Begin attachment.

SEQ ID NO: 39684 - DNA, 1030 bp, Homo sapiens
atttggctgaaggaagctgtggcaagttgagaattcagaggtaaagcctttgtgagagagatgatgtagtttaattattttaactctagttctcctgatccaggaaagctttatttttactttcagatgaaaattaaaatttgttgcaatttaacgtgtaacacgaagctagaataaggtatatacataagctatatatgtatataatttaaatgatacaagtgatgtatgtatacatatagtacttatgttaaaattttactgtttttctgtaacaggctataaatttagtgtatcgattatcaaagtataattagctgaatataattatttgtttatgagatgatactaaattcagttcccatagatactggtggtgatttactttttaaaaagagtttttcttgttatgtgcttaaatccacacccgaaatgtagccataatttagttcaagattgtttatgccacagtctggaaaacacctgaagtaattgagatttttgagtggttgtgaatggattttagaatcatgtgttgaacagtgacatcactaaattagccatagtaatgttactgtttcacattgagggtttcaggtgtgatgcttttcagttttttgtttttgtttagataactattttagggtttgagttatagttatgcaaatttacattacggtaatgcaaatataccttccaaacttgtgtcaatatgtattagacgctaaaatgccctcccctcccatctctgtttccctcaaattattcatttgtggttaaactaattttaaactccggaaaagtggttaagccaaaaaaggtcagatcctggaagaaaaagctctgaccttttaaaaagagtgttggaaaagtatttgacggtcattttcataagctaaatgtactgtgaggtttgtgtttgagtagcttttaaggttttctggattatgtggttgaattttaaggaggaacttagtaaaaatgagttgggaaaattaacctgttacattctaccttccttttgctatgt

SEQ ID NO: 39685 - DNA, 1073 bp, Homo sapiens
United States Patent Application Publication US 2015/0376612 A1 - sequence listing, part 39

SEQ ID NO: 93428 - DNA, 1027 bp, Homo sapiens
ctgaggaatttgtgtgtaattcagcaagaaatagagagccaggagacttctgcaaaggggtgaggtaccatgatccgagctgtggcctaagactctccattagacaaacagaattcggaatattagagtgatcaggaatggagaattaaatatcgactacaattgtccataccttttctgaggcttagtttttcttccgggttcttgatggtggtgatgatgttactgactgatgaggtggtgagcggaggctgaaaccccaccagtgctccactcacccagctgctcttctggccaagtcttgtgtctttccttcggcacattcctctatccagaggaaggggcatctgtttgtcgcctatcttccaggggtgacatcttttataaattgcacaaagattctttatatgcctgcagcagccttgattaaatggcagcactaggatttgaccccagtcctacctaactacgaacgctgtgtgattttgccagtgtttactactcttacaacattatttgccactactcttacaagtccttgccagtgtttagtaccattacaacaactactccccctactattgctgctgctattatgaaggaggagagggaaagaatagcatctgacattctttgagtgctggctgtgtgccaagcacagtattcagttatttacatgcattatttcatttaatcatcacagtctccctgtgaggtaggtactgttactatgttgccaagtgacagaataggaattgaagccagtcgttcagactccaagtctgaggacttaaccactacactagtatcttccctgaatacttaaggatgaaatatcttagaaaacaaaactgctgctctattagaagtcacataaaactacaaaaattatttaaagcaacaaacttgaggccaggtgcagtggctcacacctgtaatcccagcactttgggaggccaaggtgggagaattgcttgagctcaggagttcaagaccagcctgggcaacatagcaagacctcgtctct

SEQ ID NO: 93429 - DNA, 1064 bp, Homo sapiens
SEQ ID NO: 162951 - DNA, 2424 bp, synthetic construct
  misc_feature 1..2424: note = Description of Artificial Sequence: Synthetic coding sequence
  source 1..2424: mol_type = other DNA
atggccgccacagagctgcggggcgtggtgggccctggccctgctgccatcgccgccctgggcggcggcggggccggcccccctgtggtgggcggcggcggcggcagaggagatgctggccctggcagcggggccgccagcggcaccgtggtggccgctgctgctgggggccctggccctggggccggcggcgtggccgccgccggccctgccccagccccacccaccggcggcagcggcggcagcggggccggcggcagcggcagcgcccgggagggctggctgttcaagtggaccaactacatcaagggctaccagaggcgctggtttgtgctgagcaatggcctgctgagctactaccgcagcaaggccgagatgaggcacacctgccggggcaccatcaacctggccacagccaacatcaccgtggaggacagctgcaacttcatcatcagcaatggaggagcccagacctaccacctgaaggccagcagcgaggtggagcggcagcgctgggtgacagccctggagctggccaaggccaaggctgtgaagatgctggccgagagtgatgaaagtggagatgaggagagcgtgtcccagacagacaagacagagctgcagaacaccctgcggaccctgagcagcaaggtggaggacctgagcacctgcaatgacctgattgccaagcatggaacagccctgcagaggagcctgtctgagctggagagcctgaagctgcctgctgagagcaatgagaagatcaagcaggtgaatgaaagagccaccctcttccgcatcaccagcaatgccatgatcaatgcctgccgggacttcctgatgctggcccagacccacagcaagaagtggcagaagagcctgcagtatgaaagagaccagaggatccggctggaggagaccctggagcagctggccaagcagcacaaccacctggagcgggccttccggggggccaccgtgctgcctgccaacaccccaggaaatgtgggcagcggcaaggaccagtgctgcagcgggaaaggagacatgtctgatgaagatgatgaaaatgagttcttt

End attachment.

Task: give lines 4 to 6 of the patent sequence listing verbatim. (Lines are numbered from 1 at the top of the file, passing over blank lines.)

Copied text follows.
United States Patent Application Publication US 2015/0376612 A1 - sequence listing, part 39

SEQ ID NO: 93428 - DNA, 1027 bp, Homo sapiens
ctgaggaatttgtgtgtaattcagcaagaaatagagagccaggagacttctgcaaaggggtgaggtaccatgatccgagctgtggcctaagactctccattagacaaacagaattcggaatattagagtgatcaggaatggagaattaaatatcgactacaattgtccataccttttctgaggcttagtttttcttccgggttcttgatggtggtgatgatgttactgactgatgaggtggtgagcggaggctgaaaccccaccagtgctccactcacccagctgctcttctggccaagtcttgtgtctttccttcggcacattcctctatccagaggaaggggcatctgtttgtcgcctatcttccaggggtgacatcttttataaattgcacaaagattctttatatgcctgcagcagccttgattaaatggcagcactaggatttgaccccagtcctacctaactacgaacgctgtgtgattttgccagtgtttactactcttacaacattatttgccactactcttacaagtccttgccagtgtttagtaccattacaacaactactccccctactattgctgctgctattatgaaggaggagagggaaagaatagcatctgacattctttgagtgctggctgtgtgccaagcacagtattcagttatttacatgcattatttcatttaatcatcacagtctccctgtgaggtaggtactgttactatgttgccaagtgacagaataggaattgaagccagtcgttcagactccaagtctgaggacttaaccactacactagtatcttccctgaatacttaaggatgaaatatcttagaaaacaaaactgctgctctattagaagtcacataaaactacaaaaattatttaaagcaacaaacttgaggccaggtgcagtggctcacacctgtaatcccagcactttgggaggccaaggtgggagaattgcttgagctcaggagttcaagaccagcctgggcaacatagcaagacctcgtctct